LOUISVILLE, Ky. — As researchers race to develop a vaccine for COVID-19, there's already a safe, effective way to protect children from another common and unpredictable infection, influenza, which can cause severe illness and even death. 

What You Need To Know

  • Pediatricians recommend flu shots for everyone six months and older

  • Flu shot, nasal spray both available

  • Last flu season, 188 children and teens under 19 died of flu complications

  • People can conract flu, coronavirus at the same time

This fall, pediatricians say it's more important than ever for everyone over six months old to be vaccinated. 

The American Academy of Pediatrics (APP) in its policy statement offers the option of a flu shot or nasal spray this season. Any licensed age-appropriate vaccine is acceptable, according to the recommendations, which are similar to those of the last flu season. Public health officials warn that hospital beds and emergency services could quickly extend beyond capacity in communities where coronavirus transmission remains high.

“You can still get the coronavirus and flu at the same time,” said Dr. Mark Brockman Jr., a pediatrician with Norton Children’s Medical Associates Iroquois. “That’s one of my biggest concerns.”

Over the past flu season, 188 children and teens under 19 died of complications from influenza, according to the Centers for Disease Control and Prevention (CDC). Typically, about 80 percent of children who die are not vaccinated.

“We don’t know exactly what’s going to happen, so the more that we can reduce hospitalization and the burden of the flu that will leave us well suited to handle whatever happens with the pandemic,” said Brockman.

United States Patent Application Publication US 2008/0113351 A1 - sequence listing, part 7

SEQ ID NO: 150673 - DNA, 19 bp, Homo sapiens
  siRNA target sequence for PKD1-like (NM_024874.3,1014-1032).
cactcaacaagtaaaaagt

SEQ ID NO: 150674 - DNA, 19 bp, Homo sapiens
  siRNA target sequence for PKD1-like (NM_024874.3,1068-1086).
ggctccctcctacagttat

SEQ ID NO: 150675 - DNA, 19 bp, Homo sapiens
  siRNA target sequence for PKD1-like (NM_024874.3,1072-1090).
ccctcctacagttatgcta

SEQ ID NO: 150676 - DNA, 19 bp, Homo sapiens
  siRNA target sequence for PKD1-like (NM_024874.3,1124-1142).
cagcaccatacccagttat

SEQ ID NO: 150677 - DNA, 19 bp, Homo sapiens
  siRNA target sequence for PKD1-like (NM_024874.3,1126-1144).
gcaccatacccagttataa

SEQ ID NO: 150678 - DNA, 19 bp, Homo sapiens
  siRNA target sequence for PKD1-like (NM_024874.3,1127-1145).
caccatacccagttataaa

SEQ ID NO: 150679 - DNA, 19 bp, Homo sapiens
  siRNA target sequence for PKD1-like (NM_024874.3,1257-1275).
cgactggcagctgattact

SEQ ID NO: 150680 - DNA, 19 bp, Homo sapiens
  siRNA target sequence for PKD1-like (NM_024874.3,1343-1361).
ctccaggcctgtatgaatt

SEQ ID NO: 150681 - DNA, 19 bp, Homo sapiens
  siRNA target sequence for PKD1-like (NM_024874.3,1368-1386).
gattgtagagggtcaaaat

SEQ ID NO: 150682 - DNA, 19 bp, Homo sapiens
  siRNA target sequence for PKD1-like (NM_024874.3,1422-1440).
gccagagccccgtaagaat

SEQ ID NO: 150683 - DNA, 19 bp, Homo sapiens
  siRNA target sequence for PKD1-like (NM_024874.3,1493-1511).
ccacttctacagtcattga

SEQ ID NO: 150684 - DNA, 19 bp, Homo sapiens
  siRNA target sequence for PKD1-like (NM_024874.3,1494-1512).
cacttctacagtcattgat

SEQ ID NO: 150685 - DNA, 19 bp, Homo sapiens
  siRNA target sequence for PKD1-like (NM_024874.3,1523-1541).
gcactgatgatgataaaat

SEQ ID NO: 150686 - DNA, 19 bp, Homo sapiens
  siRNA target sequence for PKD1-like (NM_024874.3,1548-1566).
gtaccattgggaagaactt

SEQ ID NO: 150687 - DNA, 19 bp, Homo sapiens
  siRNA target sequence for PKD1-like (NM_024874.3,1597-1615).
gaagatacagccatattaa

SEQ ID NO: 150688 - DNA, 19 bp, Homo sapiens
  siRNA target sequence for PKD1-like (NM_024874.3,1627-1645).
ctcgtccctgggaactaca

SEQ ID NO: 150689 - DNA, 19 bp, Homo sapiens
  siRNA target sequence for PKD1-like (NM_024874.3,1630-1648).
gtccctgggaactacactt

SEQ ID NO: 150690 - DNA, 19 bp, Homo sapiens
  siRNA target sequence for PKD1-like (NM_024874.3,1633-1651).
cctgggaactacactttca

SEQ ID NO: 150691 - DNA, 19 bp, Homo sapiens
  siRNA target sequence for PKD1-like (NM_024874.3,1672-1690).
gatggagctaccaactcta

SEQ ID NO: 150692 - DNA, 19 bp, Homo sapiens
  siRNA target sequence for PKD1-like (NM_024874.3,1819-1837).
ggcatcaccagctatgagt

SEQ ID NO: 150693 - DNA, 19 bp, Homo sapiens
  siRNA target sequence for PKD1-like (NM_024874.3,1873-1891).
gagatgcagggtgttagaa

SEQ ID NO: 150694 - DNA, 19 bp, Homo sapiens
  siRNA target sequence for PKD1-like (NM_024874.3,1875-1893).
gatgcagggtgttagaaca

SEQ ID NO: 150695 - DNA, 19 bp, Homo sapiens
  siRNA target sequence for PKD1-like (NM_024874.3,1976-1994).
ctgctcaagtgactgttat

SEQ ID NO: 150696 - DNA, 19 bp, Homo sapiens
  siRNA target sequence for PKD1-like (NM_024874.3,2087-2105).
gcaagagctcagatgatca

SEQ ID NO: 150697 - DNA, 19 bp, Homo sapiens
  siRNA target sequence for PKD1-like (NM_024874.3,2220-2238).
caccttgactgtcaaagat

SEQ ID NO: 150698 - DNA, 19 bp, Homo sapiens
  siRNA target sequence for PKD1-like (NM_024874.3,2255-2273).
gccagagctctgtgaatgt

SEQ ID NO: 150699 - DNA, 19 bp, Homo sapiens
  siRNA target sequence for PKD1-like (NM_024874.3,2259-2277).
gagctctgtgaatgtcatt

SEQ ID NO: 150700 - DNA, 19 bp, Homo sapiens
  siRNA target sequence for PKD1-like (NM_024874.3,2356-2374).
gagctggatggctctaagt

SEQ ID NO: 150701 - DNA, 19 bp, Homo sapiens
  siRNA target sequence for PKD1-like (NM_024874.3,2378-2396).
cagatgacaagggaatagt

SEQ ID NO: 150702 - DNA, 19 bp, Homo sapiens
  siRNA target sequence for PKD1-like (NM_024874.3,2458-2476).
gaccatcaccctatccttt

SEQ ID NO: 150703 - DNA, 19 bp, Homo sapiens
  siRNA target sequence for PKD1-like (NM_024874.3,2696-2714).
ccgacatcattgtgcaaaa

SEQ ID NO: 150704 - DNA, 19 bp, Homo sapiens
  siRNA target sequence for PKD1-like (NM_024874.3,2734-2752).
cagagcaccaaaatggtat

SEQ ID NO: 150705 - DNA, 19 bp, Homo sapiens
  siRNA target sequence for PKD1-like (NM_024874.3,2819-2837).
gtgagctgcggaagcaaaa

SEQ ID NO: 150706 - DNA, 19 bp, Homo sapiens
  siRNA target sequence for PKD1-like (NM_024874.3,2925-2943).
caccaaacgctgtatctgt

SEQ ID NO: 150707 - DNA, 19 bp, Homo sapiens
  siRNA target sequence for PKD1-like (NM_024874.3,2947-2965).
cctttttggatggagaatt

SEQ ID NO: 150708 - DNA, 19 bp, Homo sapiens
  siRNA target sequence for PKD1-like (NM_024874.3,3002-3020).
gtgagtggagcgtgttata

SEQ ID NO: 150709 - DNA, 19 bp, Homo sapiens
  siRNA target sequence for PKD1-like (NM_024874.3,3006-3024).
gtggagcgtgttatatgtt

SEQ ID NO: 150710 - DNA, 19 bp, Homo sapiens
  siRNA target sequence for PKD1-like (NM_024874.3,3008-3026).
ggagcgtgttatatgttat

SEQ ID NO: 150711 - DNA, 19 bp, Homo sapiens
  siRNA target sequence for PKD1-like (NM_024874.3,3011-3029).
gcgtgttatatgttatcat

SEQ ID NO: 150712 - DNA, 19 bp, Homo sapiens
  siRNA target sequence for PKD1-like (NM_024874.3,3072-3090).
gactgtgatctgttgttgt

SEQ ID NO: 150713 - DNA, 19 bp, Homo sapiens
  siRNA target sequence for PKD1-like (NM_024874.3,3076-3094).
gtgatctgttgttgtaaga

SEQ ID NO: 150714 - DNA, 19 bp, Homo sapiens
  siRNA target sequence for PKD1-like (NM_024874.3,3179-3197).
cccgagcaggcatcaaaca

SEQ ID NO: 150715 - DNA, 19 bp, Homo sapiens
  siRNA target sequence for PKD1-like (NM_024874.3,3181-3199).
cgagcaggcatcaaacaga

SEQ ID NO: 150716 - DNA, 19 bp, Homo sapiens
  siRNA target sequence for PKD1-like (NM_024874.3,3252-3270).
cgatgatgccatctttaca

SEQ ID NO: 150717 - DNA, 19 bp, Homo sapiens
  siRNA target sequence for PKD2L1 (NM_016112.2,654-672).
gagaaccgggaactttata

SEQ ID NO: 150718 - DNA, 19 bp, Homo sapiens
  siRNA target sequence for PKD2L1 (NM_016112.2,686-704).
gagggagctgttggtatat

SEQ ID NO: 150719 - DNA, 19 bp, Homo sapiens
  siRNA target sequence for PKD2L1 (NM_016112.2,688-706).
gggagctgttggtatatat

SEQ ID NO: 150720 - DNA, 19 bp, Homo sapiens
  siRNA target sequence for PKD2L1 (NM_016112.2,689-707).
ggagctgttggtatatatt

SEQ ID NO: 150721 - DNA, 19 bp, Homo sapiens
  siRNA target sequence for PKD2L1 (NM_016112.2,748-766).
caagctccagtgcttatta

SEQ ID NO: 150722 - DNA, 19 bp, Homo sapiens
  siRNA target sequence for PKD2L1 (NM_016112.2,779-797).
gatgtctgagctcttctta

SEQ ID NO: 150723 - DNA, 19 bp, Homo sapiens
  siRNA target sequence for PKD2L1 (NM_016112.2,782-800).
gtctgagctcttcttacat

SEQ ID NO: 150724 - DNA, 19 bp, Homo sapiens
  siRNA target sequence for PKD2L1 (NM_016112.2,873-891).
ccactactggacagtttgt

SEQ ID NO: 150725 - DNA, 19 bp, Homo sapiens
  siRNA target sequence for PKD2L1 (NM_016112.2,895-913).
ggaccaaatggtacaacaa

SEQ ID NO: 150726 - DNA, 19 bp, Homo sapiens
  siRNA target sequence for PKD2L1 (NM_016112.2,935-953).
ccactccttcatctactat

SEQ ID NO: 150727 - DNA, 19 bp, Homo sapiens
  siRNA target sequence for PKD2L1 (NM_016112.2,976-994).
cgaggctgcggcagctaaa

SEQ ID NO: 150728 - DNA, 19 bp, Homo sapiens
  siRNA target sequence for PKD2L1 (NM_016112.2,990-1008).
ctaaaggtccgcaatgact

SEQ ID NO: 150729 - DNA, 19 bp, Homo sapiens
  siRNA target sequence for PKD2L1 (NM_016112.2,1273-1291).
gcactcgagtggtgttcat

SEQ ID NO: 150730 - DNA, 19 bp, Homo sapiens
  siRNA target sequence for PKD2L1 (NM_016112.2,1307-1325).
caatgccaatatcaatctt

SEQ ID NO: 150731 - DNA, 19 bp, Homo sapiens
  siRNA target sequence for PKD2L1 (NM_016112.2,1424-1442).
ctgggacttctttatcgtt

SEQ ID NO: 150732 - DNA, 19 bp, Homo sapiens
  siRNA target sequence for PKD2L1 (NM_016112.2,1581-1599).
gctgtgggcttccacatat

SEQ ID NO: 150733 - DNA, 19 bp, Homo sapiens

The AAP recommends:

  • An annual influenza vaccine for everyone six months and older.
  • Children should receive the flu vaccine as soon as it is available in their community and complete their vaccinations ideally by the end of October.
  • Both the flu shot and nasal spray vaccines are recommended to prevent influenza in children, with no preference given to one or the other. This year, all influenza vaccines for children will be quadrivalent vaccines, including two A and two B flu virus strains, to protect against the four strains of influenza virus expected to circulate this season.
  • The number of recommended doses of influenza vaccine depends on a child’s age at the time of the first administered dose and their vaccine history. Children five months to eight years of age should receive two doses if this is the first time they are being vaccinated against influenza, or if they have only received one dose of flu vaccine ever before July 1, 2020.
  • All children with an egg allergy of any severity can receive an influenza vaccine without any additional precautions beyond those recommended for any vaccine. Egg allergy is not a contraindication for influenza vaccination.
  • Pregnant women may receive an influenza vaccine at any time during pregnancy. Maternal vaccination can protect infants in the first few months of life, which is important because there are no vaccines available for infants zero to six months of age.
  • All health care personnel should receive an annual seasonal influenza vaccine to prevent influenza and reduce healthcare-associated influenza infections.